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IMDb TV has made its first trip overseas.
Amazon’s advertising-supported free streaming service has launched in the U.K., the platform’s first international territory outside North America, and will be available to British audiences first via the Prime Video app and later via a standalone app on Fire TV.
The launch slate includes original U.S. shows, such as Luke Bryan: My Dirt Road Diary, Moment of Truth and Top Class: The Life and Times of the Sierra Canyon Trailblazers, alongside a library of movies and TV shows, including Pulp Fiction, Anger Management, The English Patient, Person of Interest, Community and 2 Broke Girls.
IMDb TV joins a busy marketplace for free streaming, with the U.K.’s main broadcasters each having their own platforms, from All4 to ITV Hub and BBC iPlayer, that are hugely popular. But for Lauren Anderson and Ryan Pirozzi, co-heads of content and programming, the hope is that their new arrival can differentiate itself from the established players.
“U.K. customers are used to free streaming, but a lot of the free streamers in the U.K. are really specialized or doing one thing, be it reality or scripted. But we’re building a really, really broad service,” Pirozzi tells The Hollywood Reporter. “We’re genre agnostic, scripted to unscripted, comedy to drama, hour to half-hour, and we hope that our broad breadth of selection separates us from other customer alternatives.”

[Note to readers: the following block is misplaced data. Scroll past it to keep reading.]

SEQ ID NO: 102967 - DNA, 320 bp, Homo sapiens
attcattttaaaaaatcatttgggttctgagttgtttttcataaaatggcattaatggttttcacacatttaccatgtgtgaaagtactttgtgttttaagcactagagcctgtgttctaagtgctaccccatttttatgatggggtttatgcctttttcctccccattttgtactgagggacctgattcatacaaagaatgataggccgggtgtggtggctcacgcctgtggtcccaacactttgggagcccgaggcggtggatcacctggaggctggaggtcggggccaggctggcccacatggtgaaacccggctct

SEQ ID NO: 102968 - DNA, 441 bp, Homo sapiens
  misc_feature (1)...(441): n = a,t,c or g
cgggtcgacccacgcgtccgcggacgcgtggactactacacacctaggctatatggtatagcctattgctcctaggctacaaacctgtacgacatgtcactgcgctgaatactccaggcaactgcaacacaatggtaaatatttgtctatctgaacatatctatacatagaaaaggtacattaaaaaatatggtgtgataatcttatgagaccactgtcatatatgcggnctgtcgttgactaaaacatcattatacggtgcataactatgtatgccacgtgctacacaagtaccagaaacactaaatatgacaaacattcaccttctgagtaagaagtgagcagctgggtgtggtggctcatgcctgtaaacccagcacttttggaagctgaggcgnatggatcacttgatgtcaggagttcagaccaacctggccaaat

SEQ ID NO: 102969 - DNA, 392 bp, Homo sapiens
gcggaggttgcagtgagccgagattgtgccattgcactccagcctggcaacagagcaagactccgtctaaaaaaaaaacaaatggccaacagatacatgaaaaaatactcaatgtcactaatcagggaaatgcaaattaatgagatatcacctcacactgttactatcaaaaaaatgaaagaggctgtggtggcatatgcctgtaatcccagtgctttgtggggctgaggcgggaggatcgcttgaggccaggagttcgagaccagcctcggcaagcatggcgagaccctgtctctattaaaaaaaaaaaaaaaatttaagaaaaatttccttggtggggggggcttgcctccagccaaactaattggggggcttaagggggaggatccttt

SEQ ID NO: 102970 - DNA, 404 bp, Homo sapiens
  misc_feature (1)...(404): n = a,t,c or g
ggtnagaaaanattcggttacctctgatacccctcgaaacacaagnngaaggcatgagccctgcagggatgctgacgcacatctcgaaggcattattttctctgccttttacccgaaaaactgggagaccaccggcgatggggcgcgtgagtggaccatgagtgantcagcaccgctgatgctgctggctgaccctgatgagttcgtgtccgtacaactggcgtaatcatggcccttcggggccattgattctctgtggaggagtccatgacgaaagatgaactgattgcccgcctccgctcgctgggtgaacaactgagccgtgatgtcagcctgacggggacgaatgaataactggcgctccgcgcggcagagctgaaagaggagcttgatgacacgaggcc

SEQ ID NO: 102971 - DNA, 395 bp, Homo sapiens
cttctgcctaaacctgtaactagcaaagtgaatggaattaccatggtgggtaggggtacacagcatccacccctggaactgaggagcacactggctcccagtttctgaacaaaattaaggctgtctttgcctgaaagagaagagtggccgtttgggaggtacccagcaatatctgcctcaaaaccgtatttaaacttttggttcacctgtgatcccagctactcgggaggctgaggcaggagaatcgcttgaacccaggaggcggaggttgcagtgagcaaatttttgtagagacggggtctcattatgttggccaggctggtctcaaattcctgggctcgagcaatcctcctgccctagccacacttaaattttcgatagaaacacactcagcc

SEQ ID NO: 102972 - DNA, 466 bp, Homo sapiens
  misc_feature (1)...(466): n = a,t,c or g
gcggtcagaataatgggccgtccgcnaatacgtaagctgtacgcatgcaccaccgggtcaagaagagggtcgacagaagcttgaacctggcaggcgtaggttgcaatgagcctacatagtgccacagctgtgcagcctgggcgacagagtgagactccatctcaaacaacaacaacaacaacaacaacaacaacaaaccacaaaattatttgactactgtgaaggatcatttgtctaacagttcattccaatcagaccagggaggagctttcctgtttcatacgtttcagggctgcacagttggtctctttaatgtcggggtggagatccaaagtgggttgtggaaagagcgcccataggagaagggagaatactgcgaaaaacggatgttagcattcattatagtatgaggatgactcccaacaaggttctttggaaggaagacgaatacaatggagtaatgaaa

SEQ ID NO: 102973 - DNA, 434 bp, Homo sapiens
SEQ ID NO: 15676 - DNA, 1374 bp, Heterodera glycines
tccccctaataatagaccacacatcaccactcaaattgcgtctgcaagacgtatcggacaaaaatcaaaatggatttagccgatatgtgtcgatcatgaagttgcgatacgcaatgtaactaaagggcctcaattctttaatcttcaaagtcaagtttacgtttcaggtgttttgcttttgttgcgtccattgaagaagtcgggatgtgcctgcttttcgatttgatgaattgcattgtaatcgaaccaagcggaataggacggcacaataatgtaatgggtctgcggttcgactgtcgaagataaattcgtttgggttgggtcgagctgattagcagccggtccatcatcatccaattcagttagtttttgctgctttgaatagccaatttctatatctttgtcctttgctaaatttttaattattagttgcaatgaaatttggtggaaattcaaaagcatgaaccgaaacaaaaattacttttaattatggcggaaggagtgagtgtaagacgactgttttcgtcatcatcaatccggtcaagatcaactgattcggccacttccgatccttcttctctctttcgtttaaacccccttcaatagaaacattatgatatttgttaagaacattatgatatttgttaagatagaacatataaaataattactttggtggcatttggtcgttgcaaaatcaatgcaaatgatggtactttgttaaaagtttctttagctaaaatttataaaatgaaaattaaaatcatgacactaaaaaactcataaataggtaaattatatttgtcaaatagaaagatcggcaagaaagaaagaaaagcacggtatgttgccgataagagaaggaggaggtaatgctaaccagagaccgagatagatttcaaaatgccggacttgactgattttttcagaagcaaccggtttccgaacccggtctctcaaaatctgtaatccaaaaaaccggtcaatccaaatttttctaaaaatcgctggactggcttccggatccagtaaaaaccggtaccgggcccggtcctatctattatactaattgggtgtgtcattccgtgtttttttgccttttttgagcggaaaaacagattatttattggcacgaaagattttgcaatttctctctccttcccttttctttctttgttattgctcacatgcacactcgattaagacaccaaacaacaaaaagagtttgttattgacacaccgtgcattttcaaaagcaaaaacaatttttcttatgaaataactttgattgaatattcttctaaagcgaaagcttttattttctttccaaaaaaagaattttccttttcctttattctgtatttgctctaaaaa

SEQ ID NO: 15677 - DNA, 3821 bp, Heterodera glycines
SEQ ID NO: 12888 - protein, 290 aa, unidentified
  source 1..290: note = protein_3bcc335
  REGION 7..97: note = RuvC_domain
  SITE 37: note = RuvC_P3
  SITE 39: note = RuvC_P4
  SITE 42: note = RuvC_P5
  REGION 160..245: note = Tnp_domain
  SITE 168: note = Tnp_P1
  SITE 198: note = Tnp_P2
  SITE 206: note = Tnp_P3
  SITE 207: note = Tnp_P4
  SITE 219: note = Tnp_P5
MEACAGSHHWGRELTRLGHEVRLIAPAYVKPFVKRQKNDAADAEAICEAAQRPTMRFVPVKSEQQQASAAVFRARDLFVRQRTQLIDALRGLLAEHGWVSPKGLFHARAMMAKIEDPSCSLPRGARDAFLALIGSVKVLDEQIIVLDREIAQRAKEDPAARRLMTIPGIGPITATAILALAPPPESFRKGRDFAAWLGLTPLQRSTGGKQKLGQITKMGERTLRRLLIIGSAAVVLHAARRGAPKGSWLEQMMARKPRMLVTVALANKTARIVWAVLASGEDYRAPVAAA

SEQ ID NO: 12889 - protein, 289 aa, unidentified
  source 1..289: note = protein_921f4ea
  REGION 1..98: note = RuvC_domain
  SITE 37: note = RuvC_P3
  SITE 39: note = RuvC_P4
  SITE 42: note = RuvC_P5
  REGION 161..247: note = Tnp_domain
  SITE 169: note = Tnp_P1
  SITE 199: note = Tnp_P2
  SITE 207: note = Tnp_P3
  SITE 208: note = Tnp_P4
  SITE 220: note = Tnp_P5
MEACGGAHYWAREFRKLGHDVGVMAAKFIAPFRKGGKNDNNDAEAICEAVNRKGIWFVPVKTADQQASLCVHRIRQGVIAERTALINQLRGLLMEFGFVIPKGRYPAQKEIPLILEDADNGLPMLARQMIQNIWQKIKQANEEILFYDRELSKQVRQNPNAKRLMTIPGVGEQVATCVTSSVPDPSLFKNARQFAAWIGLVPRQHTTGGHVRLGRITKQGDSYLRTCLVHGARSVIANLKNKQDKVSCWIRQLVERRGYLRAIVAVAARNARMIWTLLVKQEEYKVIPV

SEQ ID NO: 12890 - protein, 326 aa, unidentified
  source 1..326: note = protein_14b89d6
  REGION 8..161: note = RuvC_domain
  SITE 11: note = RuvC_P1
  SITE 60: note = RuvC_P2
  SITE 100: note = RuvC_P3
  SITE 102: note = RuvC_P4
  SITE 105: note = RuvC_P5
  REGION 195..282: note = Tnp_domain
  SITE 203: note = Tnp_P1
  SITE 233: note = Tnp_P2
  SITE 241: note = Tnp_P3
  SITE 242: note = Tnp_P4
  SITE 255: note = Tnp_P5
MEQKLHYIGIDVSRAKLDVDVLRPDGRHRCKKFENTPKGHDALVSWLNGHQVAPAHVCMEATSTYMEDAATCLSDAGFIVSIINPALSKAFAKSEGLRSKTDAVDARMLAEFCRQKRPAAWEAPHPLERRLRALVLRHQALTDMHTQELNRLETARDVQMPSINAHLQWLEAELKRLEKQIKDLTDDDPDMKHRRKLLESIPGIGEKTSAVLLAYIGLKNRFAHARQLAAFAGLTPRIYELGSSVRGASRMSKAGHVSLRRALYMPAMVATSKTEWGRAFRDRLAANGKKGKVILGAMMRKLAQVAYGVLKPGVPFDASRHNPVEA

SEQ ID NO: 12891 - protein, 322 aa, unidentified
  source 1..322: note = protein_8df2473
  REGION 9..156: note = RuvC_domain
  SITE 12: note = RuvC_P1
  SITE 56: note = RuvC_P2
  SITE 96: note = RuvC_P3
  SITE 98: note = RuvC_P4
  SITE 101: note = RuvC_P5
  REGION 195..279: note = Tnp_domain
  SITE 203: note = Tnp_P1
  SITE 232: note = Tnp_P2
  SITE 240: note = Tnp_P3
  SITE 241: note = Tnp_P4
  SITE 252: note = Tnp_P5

Anderson notes that the U.K. version of IMDb TV will differ from the U.S. version and be programmed specifically with a British audience in mind. And while there are no current plans to start financing any local originals, the growing U.K. production presence of Amazon Studios will ensure it has plenty of British and European content to choose from.
“What we want to do is learn and figure out what uniquely does the U.K. audience want before we dive into anything original,” she says.
And while the U.K. may mark IMDb TV’s first international outpost, there’s no reason to think it will not continue a global rollout. Pirozzi points to the Amazon model — which started as “just a U.S. transactional service” — for clues. “So it’s very logical that we would keep going,” he says.
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